Even the most cursory of looks reveals young startup founders living lives that are potential incubators for depression. If that’s the case, we offered, then why have many of the people we’ve spoken with felt that the past week is the first time a discussion concerning tech startups and mental health has happened at a significant volume? After all, these are the same scientifically and socially progressive creative types brought together by the mandate to bring the world new and improved ways to hack everything from their workweek to their own bodies, let alone socialize.
Back at General Assembly, Chris sighed: “In the startup community, there’s a real stigma to depression. Every time someone comes around and asks ‘Hey, how’s it going?’ you’re always like”—and here, he vamped a disposition familiar to anyone who has ever had a discussion with a startup founder—”‘Best day ever, man! Killing it! We’re crushing it!’ You have to do that, because your job as founder is, to some extent, to create the Steve-Jobs-Reality-Distortion-Field.”
As conversations about mental health and depression in startups stay at hushed tones, the idea that anybody else is going through a common experience is a difficult prospect to embrace. “There’s no way you can talk about it, because you feel like you’re in this alone. You feel socially vulnerable when in reality,” Mr. Weinstein kicked his feet up on one end of the couch, in what one could have easily been mistaken for a therapy session, continuing, “everyone else is going through the same thing. The pluralistic ignorance is a big problem. You can talk to your friend, and be like, yo, I’m depressed, and they’re like,” and with this, he smiles: “‘Yeah, I’ve been seeing a psychologist for the last year.’ And you’d be like, really? And they’re like… Yeah.’ Nobody talks about it!”
Mr. Brown echoed this sentiment: “Founders don’t want to discuss this,” he explained. “They want to have the public appearance of always being in control, and always being on top of their game.”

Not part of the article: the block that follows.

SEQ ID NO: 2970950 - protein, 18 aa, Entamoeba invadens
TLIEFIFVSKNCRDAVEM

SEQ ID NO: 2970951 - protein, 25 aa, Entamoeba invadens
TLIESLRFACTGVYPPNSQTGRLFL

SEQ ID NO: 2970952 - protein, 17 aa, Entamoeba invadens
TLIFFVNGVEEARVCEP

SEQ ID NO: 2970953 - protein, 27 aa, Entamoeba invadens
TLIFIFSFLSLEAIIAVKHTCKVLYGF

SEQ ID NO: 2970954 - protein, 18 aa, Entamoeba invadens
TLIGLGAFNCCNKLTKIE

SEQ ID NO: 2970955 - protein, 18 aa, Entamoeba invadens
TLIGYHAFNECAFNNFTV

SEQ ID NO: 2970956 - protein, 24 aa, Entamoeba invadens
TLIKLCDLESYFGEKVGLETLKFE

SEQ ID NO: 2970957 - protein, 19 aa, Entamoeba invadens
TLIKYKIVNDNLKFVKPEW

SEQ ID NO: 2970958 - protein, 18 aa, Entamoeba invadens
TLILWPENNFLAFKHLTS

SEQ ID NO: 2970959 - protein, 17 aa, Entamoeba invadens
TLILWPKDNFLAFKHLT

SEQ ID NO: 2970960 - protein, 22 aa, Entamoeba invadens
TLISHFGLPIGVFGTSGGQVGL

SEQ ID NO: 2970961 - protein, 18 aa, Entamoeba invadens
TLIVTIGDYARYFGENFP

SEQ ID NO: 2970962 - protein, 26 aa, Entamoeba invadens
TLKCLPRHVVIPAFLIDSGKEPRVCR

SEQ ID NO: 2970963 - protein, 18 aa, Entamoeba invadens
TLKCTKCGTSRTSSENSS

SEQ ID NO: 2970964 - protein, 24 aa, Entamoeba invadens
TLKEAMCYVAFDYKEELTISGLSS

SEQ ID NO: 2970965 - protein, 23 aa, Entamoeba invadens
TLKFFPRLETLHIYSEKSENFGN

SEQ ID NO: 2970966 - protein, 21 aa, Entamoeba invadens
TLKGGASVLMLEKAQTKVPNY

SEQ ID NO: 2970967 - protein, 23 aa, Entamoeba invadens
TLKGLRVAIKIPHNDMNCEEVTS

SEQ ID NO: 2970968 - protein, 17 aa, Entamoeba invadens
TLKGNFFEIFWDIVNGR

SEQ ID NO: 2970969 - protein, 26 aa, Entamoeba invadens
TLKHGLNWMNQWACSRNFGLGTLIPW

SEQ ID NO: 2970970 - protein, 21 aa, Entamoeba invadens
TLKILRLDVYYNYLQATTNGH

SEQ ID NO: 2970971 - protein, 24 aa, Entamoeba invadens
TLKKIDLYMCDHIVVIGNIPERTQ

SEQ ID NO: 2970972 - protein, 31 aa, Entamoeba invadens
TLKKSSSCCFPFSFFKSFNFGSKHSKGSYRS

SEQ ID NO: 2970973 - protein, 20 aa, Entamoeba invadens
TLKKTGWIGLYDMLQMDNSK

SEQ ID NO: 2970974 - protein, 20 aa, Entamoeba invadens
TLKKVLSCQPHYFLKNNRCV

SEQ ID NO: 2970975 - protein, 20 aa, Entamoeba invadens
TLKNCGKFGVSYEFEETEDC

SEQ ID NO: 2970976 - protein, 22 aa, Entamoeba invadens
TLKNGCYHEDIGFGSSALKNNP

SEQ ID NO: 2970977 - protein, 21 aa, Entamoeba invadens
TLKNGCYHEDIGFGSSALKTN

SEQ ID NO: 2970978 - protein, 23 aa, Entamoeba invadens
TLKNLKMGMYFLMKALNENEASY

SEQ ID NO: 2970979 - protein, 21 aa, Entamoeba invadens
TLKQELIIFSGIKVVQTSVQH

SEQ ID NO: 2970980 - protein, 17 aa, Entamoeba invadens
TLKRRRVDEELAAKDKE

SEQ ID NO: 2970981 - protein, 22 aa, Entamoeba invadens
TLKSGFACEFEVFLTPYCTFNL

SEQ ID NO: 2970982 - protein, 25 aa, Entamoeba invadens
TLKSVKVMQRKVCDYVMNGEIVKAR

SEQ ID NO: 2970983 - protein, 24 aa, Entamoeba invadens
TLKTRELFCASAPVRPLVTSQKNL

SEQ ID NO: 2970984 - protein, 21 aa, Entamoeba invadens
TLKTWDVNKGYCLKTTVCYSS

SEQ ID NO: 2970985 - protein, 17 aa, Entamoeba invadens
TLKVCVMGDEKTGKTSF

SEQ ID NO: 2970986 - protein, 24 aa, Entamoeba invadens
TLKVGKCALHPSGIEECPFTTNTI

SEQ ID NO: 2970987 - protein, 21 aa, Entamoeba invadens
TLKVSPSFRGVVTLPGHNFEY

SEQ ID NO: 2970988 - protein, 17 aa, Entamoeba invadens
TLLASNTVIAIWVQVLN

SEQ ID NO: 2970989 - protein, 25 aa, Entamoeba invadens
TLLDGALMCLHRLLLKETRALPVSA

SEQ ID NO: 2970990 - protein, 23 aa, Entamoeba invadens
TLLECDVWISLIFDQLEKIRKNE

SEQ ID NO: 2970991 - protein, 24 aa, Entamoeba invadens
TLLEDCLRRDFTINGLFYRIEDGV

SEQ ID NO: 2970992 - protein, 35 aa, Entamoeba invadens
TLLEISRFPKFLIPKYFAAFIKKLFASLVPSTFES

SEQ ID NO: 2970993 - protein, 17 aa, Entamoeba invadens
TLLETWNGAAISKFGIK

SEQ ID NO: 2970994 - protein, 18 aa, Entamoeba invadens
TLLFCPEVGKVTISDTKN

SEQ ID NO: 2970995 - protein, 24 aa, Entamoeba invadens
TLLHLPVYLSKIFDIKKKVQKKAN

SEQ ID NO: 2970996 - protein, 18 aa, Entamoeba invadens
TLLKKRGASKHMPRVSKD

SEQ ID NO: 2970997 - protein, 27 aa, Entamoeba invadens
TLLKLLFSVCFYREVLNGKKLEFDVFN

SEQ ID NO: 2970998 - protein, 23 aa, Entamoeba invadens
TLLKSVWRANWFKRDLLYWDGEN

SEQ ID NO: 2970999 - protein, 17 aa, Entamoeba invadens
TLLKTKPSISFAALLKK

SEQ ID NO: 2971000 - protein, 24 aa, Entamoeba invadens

A 24-year-old female startup founder was at first reluctant to speak at all, noting over an email that it “makes me nervous as a young company to admit ever wavering.” She finished: “I feel like you might run into other entrepreneurs who might decline [speaking out] for fear it’ll make their investors look twice at them.” We did. She eventually relented, explaining her own experience with the problem over an instant message:
“Sometimes you get run down and depressed because your product is fucking awesome, your team is great, and you can’t stop yourself from working ’round the clock on it because you love it. But, your body rebels against that. Makes you tired unexpectedly, makes small problems inflate. And then you freak out, thinking that one off day is going to set into motion many, many more. So,” she finished. “You keep it inside.”
But, we asked her, wouldn’t it befit all parties involved to make this an open dialogue? Founders could get the help they need and investors could be satisfied with knowing the full condition of their investment. The idea was roundly rejected, one Gchat ping at a time:
I don’t even think it would help
I think I’d get replaced”